Sarah Haider on World Hijab Day

February 2, 2022 • 3:19 pm

Yesterday was World Hijab Day, a day to celebrate a symbol of misogyny and oppression. In its honor(?) we have a thoughtful 15-minute video by Sarah Haider, Executive Director of the Ex-Muslims of North America, about the hijab. Needless to say, she’s almost entirely critical of reasons for wearing the headscarf.

My own view about it has been given many times (e.g., here): to see whether it’s a “choice” or a “mandate,” remove all social, religious. and political pressures to wear it, and see how many women still wear the headscarf.

That’s not an impossible experiment because it’s pretty much what Iran and Afghanistan were like in the 1970s. And most women let their hair fly free.  Sure enough, when the theocracy began in Iran in 1979, a mandatory hijab law was enacted, and women protested by the thousands. It was of no use. They were forced to wear it, and violators were beaten or even jailed for long periods.

Further, if it’s a “choice”, why would you need “morality police” in Iran and Afghanistan to beat women whose hijab doesn’t fully cover there hair? What kind of monstrous culture dictates the beating of women who, exposing a wisp of hair, are supposed to excite the libido of men?

To tell the truth, I think that women who say that their wearing the hijab is a “choice”, a sign of modesty, are largely dissimulating. Many are wearing it to make it obvious that they are in the class of the victimized, a point articulated clearly in Haider’s video by the odious Linda Sarsour, who says “Before wearing a hijab, I was just an ordinary white girl from New York City” (12:57). Now she’s a public victim as a Person of Color. Sarah doesn’t make this point, because she’s too nice to, but listen again to Sarsour.

Many have been forced to wear the veil since they were little girls, and it’s now a habit—no more of a choice than Amish wearing suspenders and black clothes. A sure sign that it’s bogus is shown by those who wear hijabs and then tons of makeup and other fancy garments. How is that supposed to be modest?

It is a sad irony that Western women, including feminists seem to valorize the hijab, for they are valorizing oppression. For that’s where the garment came from: the misogynistic idea that women must cover their hair (and bodies) to avoid exciting the uncontrollable lusts of men. Why shouldn’t the men control their own damn lusts? Again it’s an instance of MacPherson’s Law: when two “progressive” tenets collide—in this case feminism versus Muslim dictates (the culture of the Oppressed)—the women always lose.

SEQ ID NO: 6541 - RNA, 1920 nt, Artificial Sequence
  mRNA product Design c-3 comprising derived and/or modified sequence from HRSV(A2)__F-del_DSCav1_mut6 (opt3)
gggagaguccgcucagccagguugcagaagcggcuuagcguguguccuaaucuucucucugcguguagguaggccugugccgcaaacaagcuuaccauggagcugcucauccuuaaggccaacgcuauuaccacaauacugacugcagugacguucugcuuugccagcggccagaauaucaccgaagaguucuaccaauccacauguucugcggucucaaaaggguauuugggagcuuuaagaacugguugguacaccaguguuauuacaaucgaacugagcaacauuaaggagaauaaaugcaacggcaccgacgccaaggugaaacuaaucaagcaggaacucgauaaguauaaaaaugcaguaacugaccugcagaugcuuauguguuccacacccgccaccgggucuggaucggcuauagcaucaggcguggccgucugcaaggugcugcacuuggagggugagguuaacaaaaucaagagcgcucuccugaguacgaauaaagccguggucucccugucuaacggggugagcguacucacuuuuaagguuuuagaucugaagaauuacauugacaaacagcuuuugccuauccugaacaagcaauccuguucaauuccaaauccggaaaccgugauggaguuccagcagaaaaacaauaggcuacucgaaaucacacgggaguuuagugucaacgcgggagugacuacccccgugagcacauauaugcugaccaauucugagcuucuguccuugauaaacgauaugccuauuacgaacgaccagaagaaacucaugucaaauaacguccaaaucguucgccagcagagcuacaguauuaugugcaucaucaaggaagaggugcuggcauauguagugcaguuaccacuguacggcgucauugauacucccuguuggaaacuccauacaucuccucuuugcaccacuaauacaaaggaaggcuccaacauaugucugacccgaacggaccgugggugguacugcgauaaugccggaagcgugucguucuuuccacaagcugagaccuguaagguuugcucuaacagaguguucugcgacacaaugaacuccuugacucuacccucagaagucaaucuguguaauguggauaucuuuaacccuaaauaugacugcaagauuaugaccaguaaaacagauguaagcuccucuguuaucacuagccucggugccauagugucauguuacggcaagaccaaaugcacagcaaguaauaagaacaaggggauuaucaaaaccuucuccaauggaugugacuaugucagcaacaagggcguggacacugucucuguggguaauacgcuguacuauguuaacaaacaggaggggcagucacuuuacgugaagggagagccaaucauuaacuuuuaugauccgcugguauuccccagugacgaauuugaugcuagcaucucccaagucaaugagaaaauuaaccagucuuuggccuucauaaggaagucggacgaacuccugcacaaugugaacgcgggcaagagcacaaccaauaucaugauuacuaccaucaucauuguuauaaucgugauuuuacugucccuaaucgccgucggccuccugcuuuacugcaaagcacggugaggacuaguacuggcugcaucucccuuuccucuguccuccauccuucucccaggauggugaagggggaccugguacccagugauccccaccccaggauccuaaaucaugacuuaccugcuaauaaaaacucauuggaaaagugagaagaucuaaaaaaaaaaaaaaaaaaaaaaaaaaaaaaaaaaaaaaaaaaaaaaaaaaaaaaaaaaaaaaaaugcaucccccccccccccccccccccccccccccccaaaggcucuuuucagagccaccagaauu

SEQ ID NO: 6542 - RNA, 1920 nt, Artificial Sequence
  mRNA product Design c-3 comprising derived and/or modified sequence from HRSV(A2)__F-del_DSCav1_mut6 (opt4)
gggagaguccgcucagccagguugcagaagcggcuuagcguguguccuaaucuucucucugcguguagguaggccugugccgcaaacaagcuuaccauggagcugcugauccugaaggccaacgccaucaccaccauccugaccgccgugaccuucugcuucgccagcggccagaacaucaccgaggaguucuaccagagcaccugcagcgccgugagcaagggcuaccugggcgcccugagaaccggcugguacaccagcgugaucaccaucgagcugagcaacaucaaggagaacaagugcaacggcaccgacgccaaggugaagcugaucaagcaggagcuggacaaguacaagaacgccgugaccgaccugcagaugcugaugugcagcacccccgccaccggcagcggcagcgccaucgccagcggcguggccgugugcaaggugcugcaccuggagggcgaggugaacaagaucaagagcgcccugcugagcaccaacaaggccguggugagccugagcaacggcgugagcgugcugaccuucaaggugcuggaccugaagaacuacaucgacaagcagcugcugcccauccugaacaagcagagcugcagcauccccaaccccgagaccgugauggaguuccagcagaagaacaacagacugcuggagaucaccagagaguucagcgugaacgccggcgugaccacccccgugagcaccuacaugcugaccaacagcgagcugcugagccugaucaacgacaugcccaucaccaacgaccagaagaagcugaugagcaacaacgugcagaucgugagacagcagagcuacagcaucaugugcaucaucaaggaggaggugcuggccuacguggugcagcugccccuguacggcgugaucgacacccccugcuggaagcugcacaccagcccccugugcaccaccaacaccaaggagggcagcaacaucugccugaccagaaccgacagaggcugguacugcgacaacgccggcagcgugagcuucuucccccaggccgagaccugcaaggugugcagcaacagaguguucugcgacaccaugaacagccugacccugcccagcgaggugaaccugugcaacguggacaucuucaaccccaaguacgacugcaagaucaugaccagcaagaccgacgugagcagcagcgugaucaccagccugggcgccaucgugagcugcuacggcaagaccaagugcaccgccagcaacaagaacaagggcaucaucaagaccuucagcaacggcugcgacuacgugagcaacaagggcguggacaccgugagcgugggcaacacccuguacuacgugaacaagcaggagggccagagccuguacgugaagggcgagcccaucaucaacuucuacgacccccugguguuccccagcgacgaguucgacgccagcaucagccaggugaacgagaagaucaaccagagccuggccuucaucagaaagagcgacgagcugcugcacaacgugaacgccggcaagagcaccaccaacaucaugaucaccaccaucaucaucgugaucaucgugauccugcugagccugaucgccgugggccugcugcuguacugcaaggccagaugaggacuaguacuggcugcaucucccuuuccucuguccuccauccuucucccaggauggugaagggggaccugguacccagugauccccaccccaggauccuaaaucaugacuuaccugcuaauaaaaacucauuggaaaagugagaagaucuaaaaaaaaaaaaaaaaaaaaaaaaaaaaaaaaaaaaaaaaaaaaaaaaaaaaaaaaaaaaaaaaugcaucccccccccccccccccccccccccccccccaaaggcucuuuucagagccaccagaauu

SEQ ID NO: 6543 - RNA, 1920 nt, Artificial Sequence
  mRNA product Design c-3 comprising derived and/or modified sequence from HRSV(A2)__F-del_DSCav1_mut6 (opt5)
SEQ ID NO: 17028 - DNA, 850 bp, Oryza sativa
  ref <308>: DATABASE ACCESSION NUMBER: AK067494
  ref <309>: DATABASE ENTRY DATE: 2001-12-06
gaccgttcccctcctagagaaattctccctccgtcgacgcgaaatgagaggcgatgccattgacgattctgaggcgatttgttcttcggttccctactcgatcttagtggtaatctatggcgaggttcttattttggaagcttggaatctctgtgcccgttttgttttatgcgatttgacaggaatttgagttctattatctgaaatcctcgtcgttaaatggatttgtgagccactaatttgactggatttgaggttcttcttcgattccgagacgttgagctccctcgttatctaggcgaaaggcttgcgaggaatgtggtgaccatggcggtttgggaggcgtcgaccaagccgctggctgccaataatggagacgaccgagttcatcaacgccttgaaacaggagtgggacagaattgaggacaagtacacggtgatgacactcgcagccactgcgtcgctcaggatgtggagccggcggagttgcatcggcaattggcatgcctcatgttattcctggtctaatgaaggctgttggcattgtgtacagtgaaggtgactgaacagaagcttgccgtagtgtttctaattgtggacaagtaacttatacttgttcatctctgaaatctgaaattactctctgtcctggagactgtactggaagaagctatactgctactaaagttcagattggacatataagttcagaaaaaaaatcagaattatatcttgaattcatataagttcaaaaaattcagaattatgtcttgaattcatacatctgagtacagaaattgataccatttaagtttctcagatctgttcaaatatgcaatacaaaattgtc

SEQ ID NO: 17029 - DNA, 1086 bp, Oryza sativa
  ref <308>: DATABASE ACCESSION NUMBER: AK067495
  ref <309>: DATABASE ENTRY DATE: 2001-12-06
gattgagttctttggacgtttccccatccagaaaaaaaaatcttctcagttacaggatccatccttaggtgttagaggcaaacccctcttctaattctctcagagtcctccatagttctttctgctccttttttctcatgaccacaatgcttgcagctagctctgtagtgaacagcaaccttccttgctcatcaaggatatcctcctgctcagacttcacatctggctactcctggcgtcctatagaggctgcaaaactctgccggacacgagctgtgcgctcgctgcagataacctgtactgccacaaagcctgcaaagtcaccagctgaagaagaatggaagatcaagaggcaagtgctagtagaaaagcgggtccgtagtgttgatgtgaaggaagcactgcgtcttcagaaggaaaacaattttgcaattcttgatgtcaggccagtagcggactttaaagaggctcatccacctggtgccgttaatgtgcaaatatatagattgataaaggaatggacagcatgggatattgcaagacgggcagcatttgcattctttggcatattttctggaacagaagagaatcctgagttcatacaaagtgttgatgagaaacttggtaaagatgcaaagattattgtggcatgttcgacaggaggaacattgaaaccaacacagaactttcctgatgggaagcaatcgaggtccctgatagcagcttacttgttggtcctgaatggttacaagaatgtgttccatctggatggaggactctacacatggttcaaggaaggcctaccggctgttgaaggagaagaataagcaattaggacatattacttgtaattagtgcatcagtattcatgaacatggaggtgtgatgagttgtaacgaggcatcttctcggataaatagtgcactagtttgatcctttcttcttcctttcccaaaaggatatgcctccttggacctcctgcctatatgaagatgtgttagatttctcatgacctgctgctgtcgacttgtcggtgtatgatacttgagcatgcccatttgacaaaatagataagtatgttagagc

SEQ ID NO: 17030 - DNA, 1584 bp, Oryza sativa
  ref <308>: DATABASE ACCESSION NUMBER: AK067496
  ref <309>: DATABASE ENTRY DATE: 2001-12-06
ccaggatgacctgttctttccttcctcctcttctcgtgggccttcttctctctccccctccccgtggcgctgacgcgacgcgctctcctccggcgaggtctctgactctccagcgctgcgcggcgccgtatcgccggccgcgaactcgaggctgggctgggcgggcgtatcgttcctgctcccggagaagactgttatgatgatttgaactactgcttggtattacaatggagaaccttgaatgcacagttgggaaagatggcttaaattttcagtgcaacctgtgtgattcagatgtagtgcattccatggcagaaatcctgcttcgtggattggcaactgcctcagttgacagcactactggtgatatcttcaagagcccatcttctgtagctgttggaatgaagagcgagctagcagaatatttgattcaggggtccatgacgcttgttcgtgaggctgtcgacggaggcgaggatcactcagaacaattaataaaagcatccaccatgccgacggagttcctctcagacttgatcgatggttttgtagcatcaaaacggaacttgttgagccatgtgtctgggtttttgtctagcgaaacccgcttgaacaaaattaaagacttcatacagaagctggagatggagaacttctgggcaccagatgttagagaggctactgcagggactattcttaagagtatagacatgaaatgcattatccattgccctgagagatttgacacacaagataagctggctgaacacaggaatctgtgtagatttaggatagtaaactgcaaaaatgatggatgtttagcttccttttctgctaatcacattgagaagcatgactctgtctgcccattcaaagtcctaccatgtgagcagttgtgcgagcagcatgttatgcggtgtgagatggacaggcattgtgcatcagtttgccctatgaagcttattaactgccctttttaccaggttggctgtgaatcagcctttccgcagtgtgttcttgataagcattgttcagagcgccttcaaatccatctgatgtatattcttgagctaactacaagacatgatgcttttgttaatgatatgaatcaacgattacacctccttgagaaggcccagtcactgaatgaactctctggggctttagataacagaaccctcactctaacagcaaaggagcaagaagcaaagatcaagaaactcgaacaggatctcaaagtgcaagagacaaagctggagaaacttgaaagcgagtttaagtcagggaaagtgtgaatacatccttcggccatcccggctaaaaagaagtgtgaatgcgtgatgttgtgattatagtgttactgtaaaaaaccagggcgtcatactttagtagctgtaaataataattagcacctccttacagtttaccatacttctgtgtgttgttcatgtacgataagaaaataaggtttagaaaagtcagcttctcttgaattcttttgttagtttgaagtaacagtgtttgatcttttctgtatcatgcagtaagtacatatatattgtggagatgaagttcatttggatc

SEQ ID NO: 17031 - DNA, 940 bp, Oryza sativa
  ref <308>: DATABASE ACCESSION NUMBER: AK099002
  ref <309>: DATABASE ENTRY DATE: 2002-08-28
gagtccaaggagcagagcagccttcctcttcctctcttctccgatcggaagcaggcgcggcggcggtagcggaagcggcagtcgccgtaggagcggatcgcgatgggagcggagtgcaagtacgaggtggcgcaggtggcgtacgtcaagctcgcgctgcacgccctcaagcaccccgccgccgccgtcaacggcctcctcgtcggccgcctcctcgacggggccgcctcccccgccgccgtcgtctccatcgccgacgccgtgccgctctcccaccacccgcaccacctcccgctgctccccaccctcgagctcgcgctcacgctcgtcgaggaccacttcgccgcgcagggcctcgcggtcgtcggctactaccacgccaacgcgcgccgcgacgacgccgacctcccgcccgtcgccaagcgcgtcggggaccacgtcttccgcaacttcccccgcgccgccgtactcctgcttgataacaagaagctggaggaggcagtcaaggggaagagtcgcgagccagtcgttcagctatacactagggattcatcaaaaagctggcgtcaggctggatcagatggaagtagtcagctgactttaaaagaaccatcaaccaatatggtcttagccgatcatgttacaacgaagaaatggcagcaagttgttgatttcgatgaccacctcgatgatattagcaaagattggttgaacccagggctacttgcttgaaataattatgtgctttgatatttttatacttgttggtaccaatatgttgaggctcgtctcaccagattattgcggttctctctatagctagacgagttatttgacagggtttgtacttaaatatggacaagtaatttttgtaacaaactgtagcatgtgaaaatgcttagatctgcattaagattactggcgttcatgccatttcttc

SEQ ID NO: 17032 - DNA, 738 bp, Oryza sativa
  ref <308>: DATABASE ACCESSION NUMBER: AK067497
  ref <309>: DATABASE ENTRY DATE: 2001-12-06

My favorite take on the hijab comes from Alishba Zarmeen:

And now the estimable Sarah Haider, who makes a number of good points, many of them related to Zarmeen’s remark above. BTW, I just discovered that Haider has just started a Substack site, “Hold that Thought” that will be a repository of her essays and thoughts.

21 thoughts on “Sarah Haider on World Hijab Day

  1. Good information and so well delivered. I am very glad you posted this.
    I hope lots of people watch.

    1. Thanks Debra. I got very much behind in today’s schedule … Jerry gathers resources, reads AND writes faster than I can simply gather resources and read…but with your unsolicited encouragement, will certainly watch later tonight or early in the morning.

  2. “Before wearing a hijab, I was just an ordinary white girl from New York City.” We owe thanks to Linda Sarsour for summing up so perfectly the contemporary fashion of victim impersonation. It is odd, isn’t it, the way some of our noisiest fakers reveal their aims outright? Donald Trump is the most conspicuous example, but he is obviously not alone. Maybe admissions of this sort constitute another symptom of
    narcissistic/histrionic personality disorder, a malady which has reached startling levels on both Left
    and Right. I wonder if this is a new pandemic, or something that is not new but just better reported.

  3. Very interesting read! There seems to be a current wave in the western media that romanticizes the enforcement of hijab on Muslim women, silencing feminist activists like Ayaan Hirsi Ali, Irshad Manji and many others. I’ve written a few articles about that too:

  4. I love World Hijab Day!